Maybe there will be lots of round tables, with coffee of course, filled with people to have interesting discussions with. Although I will know God as I am fully known at that point, I won’t know the other people in the same way, which means I can get to know a whole new group of people who are happy to talk and share and no one sits at a table alone.

What is home to you?

Has Youth Ministry Become All Emotion And No Technique?

There is a fascinating interview with music legend Quincy Jones on the website Vulture. Quincy is turning 85 soon and, as I’ve witnessed older people do, he just lets loose on a variety of subjects.

Apart from him fluently using the phrase MF, Quincy shares some interesting insights on today’s music that, I think, are closely related to youth ministry. Here’s is a question and answer from that interview that sparked this post.

You’re talking about business not music, but, and I mean this respectfully, don’t some of your thoughts about music fall under the category of “back in my day”?

Musical principles exist, man. Musicians today can’t go all the way with the music because they haven’t done their homework with the left brain. Music is emotion and science. You don’t have to practice emotion because that comes naturally. Technique is different. If you can’t get your finger between three and four and seven and eight on a piano, you can’t play. You can only get so far without technique. People limit themselves musically, man. Do these musicians know tango? Macumba? Yoruba music? Samba? Bossa nova? Salsa? Cha-cha? – Quincy Jones

Music and Ministry

These two things have a lot in common. They are both emotional and they both require skill. As I pose in the title, I think we have leaned way further to the emotional side of youth ministry and forgotten some of the skill.

Most of the youth ministry shots you see on Instagram are meant to evoke emotion or show the emotion of a youth ministry. Maybe it’s the worship service, the altar time, the game time, and it they show you fun, laughter, tears and joy. None of this is wrong, but you don’t see “skill” shots on Instagram.

I don’t see youth ministry posts of kids reading their bible, sharing their faith, and other than summer missions trips, kids serving.  I’m guilty of this as well, although I try to show the big picture though my Facebook Live streams of the big picture. I show students leading, students praying, students doing ministry.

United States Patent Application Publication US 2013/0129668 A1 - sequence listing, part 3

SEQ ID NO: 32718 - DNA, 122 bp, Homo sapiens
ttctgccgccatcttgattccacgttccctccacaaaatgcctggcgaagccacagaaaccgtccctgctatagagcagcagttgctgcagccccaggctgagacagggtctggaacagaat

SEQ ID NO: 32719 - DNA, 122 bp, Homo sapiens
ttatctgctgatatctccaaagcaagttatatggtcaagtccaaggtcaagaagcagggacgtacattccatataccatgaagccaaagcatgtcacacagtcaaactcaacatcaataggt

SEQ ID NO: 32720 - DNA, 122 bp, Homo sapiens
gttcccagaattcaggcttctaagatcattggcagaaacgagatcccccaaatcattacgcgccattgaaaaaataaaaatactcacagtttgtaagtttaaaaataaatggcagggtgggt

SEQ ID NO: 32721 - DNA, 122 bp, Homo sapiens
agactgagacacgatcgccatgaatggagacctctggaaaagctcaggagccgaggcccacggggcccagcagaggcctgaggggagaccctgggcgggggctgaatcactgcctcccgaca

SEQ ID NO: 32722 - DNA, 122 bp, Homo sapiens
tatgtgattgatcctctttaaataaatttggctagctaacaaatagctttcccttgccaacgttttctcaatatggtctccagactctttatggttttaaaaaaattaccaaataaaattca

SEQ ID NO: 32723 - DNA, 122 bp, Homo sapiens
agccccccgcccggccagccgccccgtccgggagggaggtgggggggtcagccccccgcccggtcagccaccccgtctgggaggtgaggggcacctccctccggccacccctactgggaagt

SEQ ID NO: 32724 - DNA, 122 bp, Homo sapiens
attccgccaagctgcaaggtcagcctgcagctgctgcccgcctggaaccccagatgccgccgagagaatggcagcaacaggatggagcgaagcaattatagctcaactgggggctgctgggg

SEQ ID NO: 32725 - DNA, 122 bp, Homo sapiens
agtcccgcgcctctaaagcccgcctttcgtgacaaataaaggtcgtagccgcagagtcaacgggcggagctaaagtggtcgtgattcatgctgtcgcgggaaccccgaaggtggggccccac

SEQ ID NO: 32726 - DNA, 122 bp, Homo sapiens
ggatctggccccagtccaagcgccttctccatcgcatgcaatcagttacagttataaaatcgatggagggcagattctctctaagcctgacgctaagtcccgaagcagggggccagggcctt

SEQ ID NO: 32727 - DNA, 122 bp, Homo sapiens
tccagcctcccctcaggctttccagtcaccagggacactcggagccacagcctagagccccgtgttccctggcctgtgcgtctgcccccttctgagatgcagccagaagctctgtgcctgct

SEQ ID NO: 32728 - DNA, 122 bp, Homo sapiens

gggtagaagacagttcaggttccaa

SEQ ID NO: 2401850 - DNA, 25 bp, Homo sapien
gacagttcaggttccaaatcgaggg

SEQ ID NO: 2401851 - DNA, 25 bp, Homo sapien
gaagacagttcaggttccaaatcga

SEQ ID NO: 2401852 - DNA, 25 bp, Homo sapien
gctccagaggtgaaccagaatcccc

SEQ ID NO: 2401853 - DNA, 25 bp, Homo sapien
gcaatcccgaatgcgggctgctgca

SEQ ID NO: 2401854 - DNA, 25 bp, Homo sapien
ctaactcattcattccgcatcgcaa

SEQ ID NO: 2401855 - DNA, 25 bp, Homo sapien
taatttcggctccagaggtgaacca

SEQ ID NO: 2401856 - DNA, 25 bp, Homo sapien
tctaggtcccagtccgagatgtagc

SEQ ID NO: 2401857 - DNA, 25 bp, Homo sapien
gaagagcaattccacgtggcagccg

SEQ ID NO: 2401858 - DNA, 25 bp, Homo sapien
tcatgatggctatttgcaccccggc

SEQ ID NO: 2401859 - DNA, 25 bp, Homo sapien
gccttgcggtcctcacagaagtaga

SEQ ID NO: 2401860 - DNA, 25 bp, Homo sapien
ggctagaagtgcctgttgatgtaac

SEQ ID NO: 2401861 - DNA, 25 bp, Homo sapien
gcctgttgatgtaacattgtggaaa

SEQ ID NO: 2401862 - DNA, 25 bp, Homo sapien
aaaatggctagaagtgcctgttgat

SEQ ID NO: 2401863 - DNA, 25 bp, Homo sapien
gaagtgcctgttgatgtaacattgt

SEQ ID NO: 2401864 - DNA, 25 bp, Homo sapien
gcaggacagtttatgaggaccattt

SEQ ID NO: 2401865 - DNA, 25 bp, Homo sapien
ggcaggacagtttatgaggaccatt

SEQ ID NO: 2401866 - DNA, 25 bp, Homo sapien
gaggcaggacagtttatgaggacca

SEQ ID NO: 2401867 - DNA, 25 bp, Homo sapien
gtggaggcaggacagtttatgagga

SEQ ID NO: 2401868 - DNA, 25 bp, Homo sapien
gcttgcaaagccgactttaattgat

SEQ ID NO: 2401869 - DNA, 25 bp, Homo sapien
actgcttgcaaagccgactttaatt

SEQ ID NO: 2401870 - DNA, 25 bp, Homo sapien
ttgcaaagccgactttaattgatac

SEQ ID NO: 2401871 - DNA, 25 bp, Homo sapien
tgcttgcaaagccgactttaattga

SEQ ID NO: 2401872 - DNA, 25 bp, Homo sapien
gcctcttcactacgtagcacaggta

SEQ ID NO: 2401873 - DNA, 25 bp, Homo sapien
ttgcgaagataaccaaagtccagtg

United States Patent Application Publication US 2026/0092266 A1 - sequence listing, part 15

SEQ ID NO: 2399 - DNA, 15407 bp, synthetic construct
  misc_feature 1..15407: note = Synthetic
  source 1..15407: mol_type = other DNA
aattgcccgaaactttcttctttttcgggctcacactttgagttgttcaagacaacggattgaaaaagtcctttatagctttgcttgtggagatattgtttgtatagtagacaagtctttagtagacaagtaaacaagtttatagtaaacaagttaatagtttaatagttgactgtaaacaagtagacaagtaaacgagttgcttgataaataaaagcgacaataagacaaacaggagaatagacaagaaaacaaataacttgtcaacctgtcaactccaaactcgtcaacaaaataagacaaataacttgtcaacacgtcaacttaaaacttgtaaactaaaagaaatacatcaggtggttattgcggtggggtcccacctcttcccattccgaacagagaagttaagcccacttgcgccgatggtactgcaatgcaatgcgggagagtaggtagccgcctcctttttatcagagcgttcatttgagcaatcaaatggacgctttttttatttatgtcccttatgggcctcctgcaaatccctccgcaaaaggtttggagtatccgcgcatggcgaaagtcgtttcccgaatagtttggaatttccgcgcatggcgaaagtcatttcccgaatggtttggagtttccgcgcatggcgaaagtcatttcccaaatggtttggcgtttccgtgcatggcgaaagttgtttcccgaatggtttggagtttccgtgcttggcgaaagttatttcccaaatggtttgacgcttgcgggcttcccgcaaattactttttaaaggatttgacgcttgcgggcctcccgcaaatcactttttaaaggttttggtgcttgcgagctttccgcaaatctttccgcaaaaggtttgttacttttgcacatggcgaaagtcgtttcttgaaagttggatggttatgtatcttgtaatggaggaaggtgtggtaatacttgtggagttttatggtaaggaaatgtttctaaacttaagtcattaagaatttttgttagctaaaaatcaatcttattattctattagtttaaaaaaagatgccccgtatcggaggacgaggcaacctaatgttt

I get it, fun shots sell the youth ministry. Look! We’re fun! And teenagers need fun, and need fun, right brain creative youth workers, but they also need left brain skill builder who can build long term follower of Jesus through a systematic approach. All fun and no skill isn’t youth ministry, it’s a club.

Quincy says it right, “You can only get so far without technique.” Emotions will only go so far in a youth ministry, that’s why youth worker have to develop the skills and, yes, even techniques of making disciples. Techniques sounds like a word that could suck all the emotion out of the room, but there is a technique to good youth meetings, good small groups, and good one on one discipleship.

Emotions or emotionalism will only lead a kid so far in their relationship with Christ (camp anyone?). That’s why the technique of training a kid to have a consistent devotion time is critical to that kids sustained faith in Christ.

Let’s look to one more question from the interview with Quincy Jones

What would account for the songs being less good than they used to be?The mentality of the people making the music. Producers now are ignoring all the musical principles of the previous generations. It’s a joke. That’s not the way it works: You’re supposed to use everything from the past. If you know where you come from, it’s easier to get where you’re going. You need to understand music to touch people and become the soundtrack to their lives.

Look To The Past

Wow! Read this again, but think youth ministry not music and you get the picture. Is youth ministry less good than it used to be? That;s pretty subject. The older you get the past doesn’t look so bad.

I was once young and thought we needed to throw out the hymn book or anything that reeked of the “old” but, as Quincy says, “that’s not how it works”.

I am not favoring teaching hymns to our kids, but, no matter what age youth worker you are, you should look to the past because the new and the now is passing before your very eyes.

There are cycles, fads, and trends. What you think is the model for youth ministry today is morphing right under your nose.